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What Is It?

A hemorrhagic stroke is bleeding (hemorrhage) that suddenly interferes with the brain's function. This bleeding can occur either within the brain or between the brain and the skull. Hemorrhagic strokes account for about 20% of all strokes, and are divided into categories depending on the site and cause of the bleeding:

  • Intracerebral hemorrhage — Bleeding occurs from a broken blood vessel within the brain. Some things that increase your risk for this kind of hemorrhage are high blood pressure (hypertension), heavy alcohol use, advanced age and the use of cocaine or amphetamines.

    Other kinds of stroke can convert to an intracerebral hemorrhage. For example, a stroke that begins without hemorrhage (a thrombotic or embolic stroke) can lead to intracerebral hemorrhage shortly afterward. This is especially common for embolic strokes that are related to a heart valve infection (endocarditis). In this case, a clump of bacteria and inflammatory cells from the valve infection can become a floating mass within the bloodstream (called an embolus). The infected clump can travel into a brain artery and become wedged there. Then, the infection can spread through the artery.

    In rare cases, intracerebral hemorrhage may happen because of a leaking arteriovenous malformation (AVM), which is an abnormal and weak-walled blood vessel that connects an artery and a vein. This weak blood vessel is present from birth—it is larger than a capillary so blood that flows in can be at high pressure, causing the AVM to eventually stretch or leak.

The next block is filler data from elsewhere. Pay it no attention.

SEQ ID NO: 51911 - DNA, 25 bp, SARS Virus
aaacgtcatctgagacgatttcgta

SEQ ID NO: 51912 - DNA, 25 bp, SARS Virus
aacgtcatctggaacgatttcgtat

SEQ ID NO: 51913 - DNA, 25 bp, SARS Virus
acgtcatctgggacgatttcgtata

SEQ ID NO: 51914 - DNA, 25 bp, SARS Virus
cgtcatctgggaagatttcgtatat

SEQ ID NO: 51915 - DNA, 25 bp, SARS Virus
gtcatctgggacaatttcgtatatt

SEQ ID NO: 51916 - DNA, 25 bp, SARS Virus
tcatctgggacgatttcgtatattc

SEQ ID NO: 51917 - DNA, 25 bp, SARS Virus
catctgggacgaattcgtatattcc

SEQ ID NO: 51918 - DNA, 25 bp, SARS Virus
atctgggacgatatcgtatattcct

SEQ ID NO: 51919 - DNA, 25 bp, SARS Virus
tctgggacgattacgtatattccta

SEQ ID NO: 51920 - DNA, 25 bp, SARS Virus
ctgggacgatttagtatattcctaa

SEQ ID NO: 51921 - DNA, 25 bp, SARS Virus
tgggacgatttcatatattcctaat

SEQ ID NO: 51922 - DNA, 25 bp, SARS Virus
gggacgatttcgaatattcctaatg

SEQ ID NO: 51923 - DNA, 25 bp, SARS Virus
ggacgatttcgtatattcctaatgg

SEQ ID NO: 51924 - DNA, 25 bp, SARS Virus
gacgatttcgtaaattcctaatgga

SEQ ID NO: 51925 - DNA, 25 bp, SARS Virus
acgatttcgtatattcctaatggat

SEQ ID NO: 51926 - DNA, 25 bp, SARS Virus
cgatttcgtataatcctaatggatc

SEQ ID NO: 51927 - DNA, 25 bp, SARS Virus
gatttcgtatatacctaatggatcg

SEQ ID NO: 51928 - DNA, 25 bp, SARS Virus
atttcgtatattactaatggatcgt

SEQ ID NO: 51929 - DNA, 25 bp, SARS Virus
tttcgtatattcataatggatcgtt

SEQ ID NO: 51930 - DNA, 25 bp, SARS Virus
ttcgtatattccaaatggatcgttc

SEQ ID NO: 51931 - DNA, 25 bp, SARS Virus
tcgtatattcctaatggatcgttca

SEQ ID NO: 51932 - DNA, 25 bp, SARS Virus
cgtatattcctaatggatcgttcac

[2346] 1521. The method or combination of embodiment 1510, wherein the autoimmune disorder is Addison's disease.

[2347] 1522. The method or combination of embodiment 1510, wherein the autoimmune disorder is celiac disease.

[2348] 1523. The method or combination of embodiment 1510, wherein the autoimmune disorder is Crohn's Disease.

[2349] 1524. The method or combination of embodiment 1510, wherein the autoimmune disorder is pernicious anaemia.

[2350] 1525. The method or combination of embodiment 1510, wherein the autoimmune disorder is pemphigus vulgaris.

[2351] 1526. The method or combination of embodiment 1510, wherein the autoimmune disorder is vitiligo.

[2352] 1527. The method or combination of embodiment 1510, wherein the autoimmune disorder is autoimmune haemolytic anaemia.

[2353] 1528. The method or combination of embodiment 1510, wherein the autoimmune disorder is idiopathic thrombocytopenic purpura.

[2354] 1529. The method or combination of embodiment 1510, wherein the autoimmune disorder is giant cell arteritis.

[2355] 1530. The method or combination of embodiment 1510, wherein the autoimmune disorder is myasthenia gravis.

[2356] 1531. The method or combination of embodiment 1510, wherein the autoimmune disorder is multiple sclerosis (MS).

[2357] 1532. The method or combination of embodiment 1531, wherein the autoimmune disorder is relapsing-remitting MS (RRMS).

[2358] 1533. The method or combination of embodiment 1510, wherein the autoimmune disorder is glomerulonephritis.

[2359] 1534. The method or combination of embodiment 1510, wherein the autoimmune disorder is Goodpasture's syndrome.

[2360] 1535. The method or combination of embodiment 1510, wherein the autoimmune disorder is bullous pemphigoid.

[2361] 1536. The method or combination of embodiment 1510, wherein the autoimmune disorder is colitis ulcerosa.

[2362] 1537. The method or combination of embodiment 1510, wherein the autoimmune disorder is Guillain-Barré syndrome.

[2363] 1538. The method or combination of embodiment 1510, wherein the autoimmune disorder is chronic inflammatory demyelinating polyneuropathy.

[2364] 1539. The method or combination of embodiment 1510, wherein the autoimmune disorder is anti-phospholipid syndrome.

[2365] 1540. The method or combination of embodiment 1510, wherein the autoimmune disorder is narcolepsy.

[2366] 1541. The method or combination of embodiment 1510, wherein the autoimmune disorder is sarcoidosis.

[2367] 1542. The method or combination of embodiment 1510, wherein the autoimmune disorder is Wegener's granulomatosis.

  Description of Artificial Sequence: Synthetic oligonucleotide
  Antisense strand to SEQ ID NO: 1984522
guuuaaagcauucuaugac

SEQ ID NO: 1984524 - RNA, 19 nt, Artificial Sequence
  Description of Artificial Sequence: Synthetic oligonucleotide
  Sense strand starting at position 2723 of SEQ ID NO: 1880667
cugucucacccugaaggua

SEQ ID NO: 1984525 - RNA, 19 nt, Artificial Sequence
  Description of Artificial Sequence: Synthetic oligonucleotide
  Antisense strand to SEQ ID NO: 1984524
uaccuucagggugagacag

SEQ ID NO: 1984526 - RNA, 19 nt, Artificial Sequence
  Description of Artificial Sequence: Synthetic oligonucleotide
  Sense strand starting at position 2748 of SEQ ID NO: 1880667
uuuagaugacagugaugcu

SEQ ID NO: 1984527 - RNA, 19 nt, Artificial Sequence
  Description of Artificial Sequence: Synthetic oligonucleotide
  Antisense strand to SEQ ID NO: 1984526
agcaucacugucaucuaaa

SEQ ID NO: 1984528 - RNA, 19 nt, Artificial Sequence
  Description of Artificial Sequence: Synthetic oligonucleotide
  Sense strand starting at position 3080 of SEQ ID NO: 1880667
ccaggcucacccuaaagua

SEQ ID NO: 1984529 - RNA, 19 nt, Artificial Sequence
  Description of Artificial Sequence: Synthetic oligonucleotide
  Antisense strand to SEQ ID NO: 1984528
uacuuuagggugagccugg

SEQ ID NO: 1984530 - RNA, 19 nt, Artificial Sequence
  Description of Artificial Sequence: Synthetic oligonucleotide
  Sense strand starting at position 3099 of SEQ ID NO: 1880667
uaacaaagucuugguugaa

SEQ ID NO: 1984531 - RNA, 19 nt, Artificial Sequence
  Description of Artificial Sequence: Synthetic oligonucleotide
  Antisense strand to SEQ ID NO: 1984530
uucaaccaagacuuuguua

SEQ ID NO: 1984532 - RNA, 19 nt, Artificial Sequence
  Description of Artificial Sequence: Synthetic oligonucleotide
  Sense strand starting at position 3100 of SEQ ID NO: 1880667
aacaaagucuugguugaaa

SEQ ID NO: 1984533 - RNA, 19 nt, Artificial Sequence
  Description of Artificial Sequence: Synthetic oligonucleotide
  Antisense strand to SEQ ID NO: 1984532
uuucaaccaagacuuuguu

• Subarachnoid hemorrhage — Bleeding from a damaged blood vessel causes blood to accumulate at the surface of the brain. Blood fills a portion of the space between the brain and the skull, and it mixes with the cerebrospinal fluid that cushions the brain and spinal cord. As blood flows into the cerebral spinal fluid, it increases pressure on the brain, which causes an immediate headache. In the days immediately following the bleeding, chemical irritation from clotted blood around the brain can cause brain arteries that are near to this area to go into spasm. Artery spasms can damage brain tissue. Most often, a subarachnoid hemorrhage happens because of a leaking saccular aneurysm (a sack-like bulge in the wall of an artery), but it also can occur because of leakage from an arteriovenous malformation.

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From Health A-Z, Harvard Health Publications. Copyright 2007 by the President and Fellows of Harvard College. All rights reserved. Written permission is required to reproduce, in any manner, in whole or in part, the material contained herein. To make a reprint request, contact Harvard Health Publications. Used with permission of StayWell.

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